If you have been looking through the portfolio, read my profile and many of the descriptions against many of the images within these galleries, you would have realised I have a soft spot for black and white photography. If I think an image will be suitable for black and white, I’ll go that route every time. I just love the drama and emotions that a black and white image can portray, undistracted by colour. However occasionally I get stumped and like “Trails” and “Wispy” (hint the same image but one is colour), this image is one of those. I just love the colour version “Peachy Glow”, but I love equally this one. So lucky you get to see both if you desire and make up your own mind.
Taken, looking south away from the main Canal Rocks area, this is a stitched image of several frames to provide large format resolution. I wanted to include some of the mainland in this image to convey the rocky nature of a coastline continually buffeted by strong winds and large powerful swells. Adhering to the rules of thirds for once, I think this composition works well combined with the subtle leading lines to the centre of the frame, courtesy of the rocky mainland and rock outcrops. My go to technique when stitching images is to use a long exposure to mist the water and make seamless stitching possible. Mainly because I don’t know how to use Photoshop and I can’t be bothered or desire to manipulate things too much. I could have achieved the same image in camera with a single shot, however this would mean a must smaller resolution with limited capability for truly large format printing. Alternatively I could have used a 100MP Phase One camera system and achieved it with much less work, but at $40,000 plus, this is currently out of my reach. But we all have dreams right?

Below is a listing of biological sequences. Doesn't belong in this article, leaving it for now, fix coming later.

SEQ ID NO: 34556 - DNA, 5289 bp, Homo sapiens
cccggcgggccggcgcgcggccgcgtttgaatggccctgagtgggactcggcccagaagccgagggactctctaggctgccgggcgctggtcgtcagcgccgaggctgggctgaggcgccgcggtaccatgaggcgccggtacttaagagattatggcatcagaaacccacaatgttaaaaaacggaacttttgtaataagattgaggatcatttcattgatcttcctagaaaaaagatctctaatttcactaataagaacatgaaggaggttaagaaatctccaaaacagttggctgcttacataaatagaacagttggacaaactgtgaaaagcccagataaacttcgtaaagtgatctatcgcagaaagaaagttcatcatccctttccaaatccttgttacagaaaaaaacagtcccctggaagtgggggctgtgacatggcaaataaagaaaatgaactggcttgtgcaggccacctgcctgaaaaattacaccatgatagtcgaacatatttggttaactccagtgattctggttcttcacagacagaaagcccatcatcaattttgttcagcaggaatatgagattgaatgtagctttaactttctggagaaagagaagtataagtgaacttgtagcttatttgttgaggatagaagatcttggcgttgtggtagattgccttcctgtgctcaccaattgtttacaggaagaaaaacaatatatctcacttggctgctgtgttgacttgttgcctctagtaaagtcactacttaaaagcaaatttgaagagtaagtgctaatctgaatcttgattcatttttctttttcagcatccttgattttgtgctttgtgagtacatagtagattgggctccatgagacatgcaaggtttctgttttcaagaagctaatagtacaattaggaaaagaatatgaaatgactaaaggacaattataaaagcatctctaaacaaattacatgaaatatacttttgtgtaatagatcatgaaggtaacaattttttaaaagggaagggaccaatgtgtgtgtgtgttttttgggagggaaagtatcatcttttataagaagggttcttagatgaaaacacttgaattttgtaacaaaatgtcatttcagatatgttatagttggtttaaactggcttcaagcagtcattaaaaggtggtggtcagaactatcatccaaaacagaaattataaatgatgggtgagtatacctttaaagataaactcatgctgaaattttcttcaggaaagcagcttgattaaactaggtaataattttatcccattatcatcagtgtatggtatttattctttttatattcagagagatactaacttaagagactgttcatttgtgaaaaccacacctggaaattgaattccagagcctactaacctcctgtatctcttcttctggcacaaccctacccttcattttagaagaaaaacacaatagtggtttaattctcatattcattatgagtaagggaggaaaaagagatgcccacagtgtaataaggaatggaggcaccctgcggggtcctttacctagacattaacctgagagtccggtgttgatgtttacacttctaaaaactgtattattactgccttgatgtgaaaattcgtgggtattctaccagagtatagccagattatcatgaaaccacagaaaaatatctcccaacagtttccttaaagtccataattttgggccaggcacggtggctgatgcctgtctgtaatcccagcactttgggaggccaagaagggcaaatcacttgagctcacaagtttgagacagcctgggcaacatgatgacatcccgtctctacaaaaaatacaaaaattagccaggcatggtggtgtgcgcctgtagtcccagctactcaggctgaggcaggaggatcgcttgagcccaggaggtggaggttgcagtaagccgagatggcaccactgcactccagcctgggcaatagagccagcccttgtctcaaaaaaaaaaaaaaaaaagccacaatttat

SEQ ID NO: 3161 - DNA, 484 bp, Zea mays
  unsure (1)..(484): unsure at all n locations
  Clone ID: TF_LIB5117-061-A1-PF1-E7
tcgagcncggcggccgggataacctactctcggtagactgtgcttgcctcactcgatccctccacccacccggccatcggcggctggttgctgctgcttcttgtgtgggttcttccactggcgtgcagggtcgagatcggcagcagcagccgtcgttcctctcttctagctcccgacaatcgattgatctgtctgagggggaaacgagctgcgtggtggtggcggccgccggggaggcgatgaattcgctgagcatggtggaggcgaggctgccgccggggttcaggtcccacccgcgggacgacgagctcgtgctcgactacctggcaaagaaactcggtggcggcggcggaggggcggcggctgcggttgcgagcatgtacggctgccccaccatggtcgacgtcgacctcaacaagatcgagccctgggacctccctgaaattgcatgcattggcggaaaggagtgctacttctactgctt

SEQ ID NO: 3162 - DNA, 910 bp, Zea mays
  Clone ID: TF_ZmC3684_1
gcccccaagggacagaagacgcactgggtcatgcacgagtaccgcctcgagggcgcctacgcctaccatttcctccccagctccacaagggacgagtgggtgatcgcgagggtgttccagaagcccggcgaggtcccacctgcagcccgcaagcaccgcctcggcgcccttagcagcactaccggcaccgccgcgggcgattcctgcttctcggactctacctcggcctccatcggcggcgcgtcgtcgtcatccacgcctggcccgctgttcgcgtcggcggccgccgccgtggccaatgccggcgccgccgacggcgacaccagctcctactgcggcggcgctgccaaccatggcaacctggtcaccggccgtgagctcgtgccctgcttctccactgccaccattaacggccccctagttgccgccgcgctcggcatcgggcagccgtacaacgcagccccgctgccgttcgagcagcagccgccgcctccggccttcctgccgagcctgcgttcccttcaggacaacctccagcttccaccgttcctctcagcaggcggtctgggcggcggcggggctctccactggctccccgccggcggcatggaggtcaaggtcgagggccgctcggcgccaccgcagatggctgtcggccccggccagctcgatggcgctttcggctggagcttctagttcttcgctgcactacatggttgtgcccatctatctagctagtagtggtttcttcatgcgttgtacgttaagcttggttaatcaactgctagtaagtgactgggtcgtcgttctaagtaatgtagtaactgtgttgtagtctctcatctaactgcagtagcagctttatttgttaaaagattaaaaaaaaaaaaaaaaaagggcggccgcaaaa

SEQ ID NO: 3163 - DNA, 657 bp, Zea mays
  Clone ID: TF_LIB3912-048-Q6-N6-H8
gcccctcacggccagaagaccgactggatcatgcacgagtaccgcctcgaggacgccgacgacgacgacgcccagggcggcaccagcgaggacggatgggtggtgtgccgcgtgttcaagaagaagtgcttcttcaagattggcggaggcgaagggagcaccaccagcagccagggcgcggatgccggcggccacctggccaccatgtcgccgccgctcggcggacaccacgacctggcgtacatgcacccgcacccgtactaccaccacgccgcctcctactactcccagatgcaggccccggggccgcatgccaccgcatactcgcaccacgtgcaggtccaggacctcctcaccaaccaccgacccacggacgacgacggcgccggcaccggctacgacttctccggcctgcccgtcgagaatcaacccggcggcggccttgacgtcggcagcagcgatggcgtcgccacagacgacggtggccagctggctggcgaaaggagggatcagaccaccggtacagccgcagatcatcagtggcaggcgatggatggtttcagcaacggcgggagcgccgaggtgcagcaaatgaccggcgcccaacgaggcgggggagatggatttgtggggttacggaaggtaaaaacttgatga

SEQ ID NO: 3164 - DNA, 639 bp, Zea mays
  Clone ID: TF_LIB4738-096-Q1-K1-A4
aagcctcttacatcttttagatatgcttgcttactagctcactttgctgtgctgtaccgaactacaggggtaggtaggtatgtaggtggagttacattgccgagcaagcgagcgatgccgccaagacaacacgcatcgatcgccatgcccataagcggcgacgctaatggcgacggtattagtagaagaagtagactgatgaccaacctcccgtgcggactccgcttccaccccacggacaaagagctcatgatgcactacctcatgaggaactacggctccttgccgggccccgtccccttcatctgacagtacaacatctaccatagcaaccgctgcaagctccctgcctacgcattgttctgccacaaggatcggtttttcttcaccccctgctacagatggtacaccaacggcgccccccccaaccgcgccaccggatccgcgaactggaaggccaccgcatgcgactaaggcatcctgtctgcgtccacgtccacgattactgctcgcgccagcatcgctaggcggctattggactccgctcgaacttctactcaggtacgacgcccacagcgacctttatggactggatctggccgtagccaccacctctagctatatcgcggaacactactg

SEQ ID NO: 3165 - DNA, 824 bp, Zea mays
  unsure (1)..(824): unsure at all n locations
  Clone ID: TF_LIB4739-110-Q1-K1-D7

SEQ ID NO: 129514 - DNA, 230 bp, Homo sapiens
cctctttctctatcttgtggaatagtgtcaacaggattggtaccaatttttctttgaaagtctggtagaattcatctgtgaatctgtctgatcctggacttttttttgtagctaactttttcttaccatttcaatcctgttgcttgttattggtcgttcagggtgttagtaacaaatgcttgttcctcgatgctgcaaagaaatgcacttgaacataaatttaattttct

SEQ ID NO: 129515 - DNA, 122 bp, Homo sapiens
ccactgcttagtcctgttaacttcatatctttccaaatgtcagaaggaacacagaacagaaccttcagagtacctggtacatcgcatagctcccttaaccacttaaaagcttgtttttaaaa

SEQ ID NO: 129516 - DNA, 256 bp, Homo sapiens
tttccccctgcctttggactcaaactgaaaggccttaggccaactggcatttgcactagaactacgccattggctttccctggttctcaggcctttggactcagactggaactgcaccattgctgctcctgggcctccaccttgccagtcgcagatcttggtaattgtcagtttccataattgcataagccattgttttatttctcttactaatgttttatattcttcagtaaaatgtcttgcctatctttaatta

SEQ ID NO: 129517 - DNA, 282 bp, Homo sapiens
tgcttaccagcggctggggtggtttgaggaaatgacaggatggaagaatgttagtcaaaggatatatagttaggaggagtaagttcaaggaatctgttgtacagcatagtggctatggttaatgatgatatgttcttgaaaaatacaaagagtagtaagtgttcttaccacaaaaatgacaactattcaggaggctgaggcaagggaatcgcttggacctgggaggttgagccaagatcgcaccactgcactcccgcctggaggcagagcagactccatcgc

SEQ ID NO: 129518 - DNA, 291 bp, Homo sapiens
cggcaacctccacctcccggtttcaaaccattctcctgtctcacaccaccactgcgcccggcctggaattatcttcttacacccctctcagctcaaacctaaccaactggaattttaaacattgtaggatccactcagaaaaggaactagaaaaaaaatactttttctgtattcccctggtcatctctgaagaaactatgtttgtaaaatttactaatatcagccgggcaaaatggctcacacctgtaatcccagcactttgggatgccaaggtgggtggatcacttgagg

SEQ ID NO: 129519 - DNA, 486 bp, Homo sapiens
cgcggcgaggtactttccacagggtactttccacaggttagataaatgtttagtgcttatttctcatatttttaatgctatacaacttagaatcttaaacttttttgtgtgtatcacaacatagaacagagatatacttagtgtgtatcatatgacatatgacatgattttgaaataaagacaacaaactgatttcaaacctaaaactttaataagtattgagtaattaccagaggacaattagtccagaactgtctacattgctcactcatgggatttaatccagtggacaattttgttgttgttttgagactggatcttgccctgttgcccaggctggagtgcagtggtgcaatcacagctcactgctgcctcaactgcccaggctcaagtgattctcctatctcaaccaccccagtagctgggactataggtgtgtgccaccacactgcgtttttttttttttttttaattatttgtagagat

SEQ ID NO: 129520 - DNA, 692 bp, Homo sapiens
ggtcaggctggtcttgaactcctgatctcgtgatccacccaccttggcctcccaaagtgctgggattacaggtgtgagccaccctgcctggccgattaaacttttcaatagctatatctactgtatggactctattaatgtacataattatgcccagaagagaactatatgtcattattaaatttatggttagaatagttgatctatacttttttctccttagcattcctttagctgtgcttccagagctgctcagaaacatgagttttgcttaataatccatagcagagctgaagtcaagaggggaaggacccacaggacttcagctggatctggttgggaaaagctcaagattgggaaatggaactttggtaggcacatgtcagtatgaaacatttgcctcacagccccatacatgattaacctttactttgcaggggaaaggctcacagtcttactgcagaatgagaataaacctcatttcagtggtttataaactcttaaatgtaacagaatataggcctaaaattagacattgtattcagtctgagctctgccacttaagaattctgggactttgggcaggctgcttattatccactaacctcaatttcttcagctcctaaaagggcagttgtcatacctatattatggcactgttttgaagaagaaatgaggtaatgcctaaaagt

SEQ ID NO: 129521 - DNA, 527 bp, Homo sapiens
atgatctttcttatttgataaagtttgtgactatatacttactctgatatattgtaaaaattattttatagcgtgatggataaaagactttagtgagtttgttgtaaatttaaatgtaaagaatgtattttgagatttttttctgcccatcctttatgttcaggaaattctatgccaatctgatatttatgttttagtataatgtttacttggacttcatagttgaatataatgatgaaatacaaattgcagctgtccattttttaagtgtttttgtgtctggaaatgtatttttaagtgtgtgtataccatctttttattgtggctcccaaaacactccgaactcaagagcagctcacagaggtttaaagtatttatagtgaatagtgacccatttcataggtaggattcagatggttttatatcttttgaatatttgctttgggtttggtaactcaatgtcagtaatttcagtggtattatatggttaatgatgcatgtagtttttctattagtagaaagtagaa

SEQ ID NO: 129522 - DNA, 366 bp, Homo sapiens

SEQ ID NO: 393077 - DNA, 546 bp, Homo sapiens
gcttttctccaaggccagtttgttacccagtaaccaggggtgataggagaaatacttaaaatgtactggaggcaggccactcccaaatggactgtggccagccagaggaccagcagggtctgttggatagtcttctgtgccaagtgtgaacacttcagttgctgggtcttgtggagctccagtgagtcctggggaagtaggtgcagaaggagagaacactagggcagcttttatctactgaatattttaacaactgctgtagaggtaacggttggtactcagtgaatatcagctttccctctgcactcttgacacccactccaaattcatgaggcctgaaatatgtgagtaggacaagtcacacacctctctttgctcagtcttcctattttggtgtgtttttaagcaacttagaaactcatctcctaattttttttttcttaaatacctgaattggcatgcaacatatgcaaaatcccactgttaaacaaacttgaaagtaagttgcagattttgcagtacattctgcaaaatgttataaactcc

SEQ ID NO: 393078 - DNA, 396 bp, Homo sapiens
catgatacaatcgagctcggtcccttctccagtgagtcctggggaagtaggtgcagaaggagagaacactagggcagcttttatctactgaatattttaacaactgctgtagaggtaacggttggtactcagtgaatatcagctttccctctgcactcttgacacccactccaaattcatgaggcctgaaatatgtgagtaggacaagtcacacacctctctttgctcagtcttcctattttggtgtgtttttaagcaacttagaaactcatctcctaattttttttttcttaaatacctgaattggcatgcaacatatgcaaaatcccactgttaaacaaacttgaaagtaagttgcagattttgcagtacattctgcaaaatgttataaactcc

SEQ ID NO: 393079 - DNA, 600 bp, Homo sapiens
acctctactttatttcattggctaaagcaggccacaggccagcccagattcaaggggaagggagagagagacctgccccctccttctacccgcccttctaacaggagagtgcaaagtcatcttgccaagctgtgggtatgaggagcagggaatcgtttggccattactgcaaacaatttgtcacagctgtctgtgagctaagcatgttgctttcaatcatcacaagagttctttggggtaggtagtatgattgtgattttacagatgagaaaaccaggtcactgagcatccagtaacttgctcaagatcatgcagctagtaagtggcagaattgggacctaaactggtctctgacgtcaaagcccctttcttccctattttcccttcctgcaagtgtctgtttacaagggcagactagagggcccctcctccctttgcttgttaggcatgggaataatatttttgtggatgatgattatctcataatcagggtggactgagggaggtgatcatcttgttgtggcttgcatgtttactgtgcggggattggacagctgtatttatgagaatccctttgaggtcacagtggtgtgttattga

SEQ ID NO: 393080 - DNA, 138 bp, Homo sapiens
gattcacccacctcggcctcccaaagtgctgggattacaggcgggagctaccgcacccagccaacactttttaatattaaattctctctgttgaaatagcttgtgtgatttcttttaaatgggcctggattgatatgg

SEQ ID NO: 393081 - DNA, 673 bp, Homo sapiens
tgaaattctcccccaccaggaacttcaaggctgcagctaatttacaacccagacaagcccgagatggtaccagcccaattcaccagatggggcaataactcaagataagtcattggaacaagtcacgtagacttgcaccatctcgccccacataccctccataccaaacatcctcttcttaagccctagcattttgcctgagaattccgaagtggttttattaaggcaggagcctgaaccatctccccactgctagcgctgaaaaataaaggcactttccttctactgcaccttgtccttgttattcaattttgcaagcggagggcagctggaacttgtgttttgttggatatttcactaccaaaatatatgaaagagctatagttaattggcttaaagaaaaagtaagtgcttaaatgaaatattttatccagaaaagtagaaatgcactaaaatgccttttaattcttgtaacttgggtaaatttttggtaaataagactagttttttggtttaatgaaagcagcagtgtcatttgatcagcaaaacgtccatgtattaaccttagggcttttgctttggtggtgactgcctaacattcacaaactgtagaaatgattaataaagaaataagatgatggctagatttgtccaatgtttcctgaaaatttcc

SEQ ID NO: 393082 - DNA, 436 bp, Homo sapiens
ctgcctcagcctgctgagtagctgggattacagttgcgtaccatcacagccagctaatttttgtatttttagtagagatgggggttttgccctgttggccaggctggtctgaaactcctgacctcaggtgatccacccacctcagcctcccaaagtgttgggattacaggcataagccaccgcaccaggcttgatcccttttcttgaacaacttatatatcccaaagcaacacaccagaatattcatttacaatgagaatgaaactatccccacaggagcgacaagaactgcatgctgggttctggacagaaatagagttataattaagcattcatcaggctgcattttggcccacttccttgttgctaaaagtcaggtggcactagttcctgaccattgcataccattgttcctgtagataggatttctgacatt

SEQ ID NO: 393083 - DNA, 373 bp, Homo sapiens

Titled “Rocky View” to reflect the rocky coastline view point down the coast and to and to differentiate it from the colour version “Peachy Glow” as that would be just too confusing for me and you would wonder where I got the “Peachy” bit from…
Canal rocks are a series of rocky outcrops lined up close together, just off the mainland near Smiths Beach at Yallingup in the South West of Western Australia, which form a canal like passage between the rocks on the mainland and the rocky outcrops in the sea. A heavily visited and photographed location.